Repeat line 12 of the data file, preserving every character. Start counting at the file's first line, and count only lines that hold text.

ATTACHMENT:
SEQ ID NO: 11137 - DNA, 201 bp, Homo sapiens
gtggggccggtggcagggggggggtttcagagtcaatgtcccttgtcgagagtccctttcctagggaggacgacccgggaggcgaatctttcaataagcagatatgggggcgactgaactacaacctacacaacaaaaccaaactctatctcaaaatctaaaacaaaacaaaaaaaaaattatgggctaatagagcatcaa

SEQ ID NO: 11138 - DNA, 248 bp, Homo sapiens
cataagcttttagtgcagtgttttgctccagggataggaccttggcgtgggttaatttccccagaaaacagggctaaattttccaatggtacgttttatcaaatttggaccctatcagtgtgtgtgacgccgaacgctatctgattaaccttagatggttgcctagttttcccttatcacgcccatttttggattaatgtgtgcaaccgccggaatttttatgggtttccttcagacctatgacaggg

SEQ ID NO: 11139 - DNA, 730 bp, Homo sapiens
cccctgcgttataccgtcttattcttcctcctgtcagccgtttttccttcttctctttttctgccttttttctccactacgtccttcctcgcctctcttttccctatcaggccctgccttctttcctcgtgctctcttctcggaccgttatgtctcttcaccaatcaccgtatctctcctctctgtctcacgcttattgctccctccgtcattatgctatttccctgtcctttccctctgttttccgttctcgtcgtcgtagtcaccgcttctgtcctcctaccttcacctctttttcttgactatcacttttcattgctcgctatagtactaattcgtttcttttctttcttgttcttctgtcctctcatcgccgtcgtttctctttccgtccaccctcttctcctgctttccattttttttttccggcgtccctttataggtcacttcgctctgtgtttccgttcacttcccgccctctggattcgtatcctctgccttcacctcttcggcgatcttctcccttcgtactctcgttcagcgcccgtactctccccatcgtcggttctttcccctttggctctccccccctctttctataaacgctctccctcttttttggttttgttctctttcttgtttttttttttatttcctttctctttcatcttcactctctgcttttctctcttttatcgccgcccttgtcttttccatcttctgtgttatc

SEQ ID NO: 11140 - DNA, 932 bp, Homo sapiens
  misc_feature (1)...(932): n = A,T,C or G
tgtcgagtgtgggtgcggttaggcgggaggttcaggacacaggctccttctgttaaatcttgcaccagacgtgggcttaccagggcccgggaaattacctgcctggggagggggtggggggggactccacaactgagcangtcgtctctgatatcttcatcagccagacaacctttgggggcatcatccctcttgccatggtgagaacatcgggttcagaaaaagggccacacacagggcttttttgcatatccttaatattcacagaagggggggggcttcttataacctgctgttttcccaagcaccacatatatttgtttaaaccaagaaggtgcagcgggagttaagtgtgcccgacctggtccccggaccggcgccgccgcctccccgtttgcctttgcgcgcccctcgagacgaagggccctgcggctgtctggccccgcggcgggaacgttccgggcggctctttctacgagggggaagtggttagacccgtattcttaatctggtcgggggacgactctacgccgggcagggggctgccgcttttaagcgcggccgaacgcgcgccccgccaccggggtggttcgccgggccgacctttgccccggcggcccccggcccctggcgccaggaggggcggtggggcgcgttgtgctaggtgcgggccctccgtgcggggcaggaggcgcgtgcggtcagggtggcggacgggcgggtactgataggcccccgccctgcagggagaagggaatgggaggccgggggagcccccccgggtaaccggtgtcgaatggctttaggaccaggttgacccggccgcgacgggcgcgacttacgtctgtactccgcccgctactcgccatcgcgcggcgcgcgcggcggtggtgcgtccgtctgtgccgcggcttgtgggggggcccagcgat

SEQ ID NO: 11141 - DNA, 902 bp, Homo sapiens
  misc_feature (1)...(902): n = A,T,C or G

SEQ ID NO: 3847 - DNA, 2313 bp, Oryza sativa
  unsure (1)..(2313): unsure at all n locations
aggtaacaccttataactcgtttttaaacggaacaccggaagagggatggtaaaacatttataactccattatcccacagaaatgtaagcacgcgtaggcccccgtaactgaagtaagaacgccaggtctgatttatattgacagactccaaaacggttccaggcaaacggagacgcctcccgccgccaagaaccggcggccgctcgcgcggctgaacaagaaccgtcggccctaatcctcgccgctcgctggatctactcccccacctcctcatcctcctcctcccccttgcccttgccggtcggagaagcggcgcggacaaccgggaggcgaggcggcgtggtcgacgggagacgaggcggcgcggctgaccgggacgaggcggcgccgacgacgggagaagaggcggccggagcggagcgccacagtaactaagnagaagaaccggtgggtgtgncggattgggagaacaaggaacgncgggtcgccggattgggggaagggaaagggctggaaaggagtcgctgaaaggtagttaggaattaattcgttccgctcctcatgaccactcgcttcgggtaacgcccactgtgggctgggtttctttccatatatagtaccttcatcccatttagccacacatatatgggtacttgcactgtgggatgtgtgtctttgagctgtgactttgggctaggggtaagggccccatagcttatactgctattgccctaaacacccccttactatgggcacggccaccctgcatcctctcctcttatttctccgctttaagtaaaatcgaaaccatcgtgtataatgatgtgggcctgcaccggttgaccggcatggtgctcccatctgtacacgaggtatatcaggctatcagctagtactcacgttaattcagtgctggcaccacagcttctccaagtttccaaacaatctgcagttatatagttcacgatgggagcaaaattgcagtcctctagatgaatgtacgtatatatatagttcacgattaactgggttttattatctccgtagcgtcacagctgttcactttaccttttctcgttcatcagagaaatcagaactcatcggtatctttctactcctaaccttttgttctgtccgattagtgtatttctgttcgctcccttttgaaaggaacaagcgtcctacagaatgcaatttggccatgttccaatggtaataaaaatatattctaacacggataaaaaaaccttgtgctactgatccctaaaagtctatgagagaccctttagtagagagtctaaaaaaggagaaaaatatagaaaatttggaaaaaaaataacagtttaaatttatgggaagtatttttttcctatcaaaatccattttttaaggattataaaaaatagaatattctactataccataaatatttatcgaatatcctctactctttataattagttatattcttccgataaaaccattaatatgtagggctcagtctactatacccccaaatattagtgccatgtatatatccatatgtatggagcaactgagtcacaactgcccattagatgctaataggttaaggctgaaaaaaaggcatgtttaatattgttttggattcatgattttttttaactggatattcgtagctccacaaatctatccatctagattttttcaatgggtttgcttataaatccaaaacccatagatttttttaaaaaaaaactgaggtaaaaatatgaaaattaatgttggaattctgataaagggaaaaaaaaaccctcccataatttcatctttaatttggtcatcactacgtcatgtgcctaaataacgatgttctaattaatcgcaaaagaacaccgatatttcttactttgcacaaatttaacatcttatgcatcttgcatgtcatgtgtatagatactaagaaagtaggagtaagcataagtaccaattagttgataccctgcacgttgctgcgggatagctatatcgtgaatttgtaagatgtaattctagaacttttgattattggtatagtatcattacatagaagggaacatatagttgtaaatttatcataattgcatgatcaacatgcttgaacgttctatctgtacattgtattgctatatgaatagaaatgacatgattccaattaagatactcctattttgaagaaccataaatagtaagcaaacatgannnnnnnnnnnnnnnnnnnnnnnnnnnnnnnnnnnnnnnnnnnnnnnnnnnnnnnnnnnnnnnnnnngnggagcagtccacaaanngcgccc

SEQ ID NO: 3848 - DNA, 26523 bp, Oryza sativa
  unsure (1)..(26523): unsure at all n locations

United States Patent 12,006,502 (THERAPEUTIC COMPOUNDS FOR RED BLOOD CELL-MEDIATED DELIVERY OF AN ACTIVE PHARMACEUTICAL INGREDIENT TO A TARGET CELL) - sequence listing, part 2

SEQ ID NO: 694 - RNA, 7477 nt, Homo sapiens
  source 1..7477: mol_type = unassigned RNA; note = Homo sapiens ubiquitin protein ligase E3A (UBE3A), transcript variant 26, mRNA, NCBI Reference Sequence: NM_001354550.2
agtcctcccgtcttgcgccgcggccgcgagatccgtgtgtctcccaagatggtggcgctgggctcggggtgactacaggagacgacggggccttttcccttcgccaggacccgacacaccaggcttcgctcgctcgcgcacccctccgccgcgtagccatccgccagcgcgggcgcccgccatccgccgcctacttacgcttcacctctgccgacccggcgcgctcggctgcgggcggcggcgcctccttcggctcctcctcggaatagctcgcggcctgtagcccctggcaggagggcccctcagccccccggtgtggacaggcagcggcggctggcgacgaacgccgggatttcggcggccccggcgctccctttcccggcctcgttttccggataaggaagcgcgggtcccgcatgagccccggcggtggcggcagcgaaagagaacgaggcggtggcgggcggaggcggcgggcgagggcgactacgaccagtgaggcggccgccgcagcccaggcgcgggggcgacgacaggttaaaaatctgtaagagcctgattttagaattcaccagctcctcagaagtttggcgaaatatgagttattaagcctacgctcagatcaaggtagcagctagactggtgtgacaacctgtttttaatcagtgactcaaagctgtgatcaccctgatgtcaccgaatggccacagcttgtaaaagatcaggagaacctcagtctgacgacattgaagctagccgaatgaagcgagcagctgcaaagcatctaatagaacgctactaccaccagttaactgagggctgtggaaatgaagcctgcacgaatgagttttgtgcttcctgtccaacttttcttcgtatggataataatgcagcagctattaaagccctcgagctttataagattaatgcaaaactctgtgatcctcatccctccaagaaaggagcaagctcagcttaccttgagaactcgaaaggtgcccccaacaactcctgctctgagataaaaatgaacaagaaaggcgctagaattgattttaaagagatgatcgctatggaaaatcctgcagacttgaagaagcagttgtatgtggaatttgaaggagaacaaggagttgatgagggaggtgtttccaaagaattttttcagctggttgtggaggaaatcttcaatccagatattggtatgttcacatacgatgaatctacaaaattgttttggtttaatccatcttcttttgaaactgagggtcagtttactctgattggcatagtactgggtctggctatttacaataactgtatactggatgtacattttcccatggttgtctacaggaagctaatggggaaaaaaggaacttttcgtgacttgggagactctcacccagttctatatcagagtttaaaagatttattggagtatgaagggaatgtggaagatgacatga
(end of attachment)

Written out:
SEQ ID NO: 3847 - DNA, 2313 bp, Oryza sativa